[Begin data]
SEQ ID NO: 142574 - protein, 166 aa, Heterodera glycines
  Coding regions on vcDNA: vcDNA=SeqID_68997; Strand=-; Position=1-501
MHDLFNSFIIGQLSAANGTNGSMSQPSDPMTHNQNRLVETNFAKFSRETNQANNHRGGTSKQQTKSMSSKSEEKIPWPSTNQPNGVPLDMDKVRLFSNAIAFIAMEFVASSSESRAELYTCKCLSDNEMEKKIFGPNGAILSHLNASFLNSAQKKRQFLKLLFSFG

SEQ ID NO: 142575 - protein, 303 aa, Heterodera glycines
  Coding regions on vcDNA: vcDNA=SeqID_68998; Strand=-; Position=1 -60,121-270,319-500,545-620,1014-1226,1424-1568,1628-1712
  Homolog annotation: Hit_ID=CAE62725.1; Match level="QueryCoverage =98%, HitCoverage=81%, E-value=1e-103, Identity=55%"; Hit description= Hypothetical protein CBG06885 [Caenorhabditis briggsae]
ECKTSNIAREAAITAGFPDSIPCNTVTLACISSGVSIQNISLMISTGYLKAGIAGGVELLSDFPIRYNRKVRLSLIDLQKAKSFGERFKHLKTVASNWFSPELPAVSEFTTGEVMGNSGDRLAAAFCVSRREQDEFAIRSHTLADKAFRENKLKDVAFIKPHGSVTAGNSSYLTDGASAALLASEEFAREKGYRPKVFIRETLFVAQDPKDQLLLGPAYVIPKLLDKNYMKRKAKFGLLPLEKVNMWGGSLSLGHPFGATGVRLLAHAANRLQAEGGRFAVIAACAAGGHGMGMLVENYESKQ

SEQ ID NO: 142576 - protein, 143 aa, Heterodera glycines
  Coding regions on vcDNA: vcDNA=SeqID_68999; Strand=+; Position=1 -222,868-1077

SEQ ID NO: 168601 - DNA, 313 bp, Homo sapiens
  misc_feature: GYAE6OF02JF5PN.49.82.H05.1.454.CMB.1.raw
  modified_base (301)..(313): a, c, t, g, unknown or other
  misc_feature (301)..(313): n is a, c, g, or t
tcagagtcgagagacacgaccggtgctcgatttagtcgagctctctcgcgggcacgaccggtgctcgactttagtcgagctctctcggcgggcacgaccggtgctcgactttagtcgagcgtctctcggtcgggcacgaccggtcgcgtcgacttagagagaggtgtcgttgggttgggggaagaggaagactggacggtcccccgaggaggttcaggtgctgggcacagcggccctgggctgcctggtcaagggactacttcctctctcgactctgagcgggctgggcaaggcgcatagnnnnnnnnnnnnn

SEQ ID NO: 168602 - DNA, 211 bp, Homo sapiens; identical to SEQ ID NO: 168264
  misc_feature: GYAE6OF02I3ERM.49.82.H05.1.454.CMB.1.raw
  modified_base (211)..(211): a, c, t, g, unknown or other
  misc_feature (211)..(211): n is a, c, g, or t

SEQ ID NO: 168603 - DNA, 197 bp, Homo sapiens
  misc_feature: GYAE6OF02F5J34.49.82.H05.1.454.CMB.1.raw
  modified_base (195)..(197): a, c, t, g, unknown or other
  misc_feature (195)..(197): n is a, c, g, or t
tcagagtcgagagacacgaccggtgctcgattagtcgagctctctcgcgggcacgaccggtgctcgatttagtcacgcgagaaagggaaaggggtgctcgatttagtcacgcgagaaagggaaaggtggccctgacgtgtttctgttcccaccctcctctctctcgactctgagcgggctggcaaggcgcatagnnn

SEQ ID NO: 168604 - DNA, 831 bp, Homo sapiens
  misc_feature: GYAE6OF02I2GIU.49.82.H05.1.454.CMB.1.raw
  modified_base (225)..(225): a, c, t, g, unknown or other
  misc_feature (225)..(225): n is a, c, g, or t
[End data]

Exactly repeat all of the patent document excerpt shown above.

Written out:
SEQ ID NO: 142574 - protein, 166 aa, Heterodera glycines
  Coding regions on vcDNA: vcDNA=SeqID_68997; Strand=-; Position=1-501
MHDLFNSFIIGQLSAANGTNGSMSQPSDPMTHNQNRLVETNFAKFSRETNQANNHRGGTSKQQTKSMSSKSEEKIPWPSTNQPNGVPLDMDKVRLFSNAIAFIAMEFVASSSESRAELYTCKCLSDNEMEKKIFGPNGAILSHLNASFLNSAQKKRQFLKLLFSFG

SEQ ID NO: 142575 - protein, 303 aa, Heterodera glycines
  Coding regions on vcDNA: vcDNA=SeqID_68998; Strand=-; Position=1 -60,121-270,319-500,545-620,1014-1226,1424-1568,1628-1712
  Homolog annotation: Hit_ID=CAE62725.1; Match level="QueryCoverage =98%, HitCoverage=81%, E-value=1e-103, Identity=55%"; Hit description= Hypothetical protein CBG06885 [Caenorhabditis briggsae]
ECKTSNIAREAAITAGFPDSIPCNTVTLACISSGVSIQNISLMISTGYLKAGIAGGVELLSDFPIRYNRKVRLSLIDLQKAKSFGERFKHLKTVASNWFSPELPAVSEFTTGEVMGNSGDRLAAAFCVSRREQDEFAIRSHTLADKAFRENKLKDVAFIKPHGSVTAGNSSYLTDGASAALLASEEFAREKGYRPKVFIRETLFVAQDPKDQLLLGPAYVIPKLLDKNYMKRKAKFGLLPLEKVNMWGGSLSLGHPFGATGVRLLAHAANRLQAEGGRFAVIAACAAGGHGMGMLVENYESKQ

SEQ ID NO: 142576 - protein, 143 aa, Heterodera glycines
  Coding regions on vcDNA: vcDNA=SeqID_68999; Strand=+; Position=1 -222,868-1077

SEQ ID NO: 168601 - DNA, 313 bp, Homo sapiens
  misc_feature: GYAE6OF02JF5PN.49.82.H05.1.454.CMB.1.raw
  modified_base (301)..(313): a, c, t, g, unknown or other
  misc_feature (301)..(313): n is a, c, g, or t
tcagagtcgagagacacgaccggtgctcgatttagtcgagctctctcgcgggcacgaccggtgctcgactttagtcgagctctctcggcgggcacgaccggtgctcgactttagtcgagcgtctctcggtcgggcacgaccggtcgcgtcgacttagagagaggtgtcgttgggttgggggaagaggaagactggacggtcccccgaggaggttcaggtgctgggcacagcggccctgggctgcctggtcaagggactacttcctctctcgactctgagcgggctgggcaaggcgcatagnnnnnnnnnnnnn

SEQ ID NO: 168602 - DNA, 211 bp, Homo sapiens; identical to SEQ ID NO: 168264
  misc_feature: GYAE6OF02I3ERM.49.82.H05.1.454.CMB.1.raw
  modified_base (211)..(211): a, c, t, g, unknown or other
  misc_feature (211)..(211): n is a, c, g, or t

SEQ ID NO: 168603 - DNA, 197 bp, Homo sapiens
  misc_feature: GYAE6OF02F5J34.49.82.H05.1.454.CMB.1.raw
  modified_base (195)..(197): a, c, t, g, unknown or other
  misc_feature (195)..(197): n is a, c, g, or t
tcagagtcgagagacacgaccggtgctcgattagtcgagctctctcgcgggcacgaccggtgctcgatttagtcacgcgagaaagggaaaggggtgctcgatttagtcacgcgagaaagggaaaggtggccctgacgtgtttctgttcccaccctcctctctctcgactctgagcgggctggcaaggcgcatagnnn

SEQ ID NO: 168604 - DNA, 831 bp, Homo sapiens
  misc_feature: GYAE6OF02I2GIU.49.82.H05.1.454.CMB.1.raw
  modified_base (225)..(225): a, c, t, g, unknown or other
  misc_feature (225)..(225): n is a, c, g, or t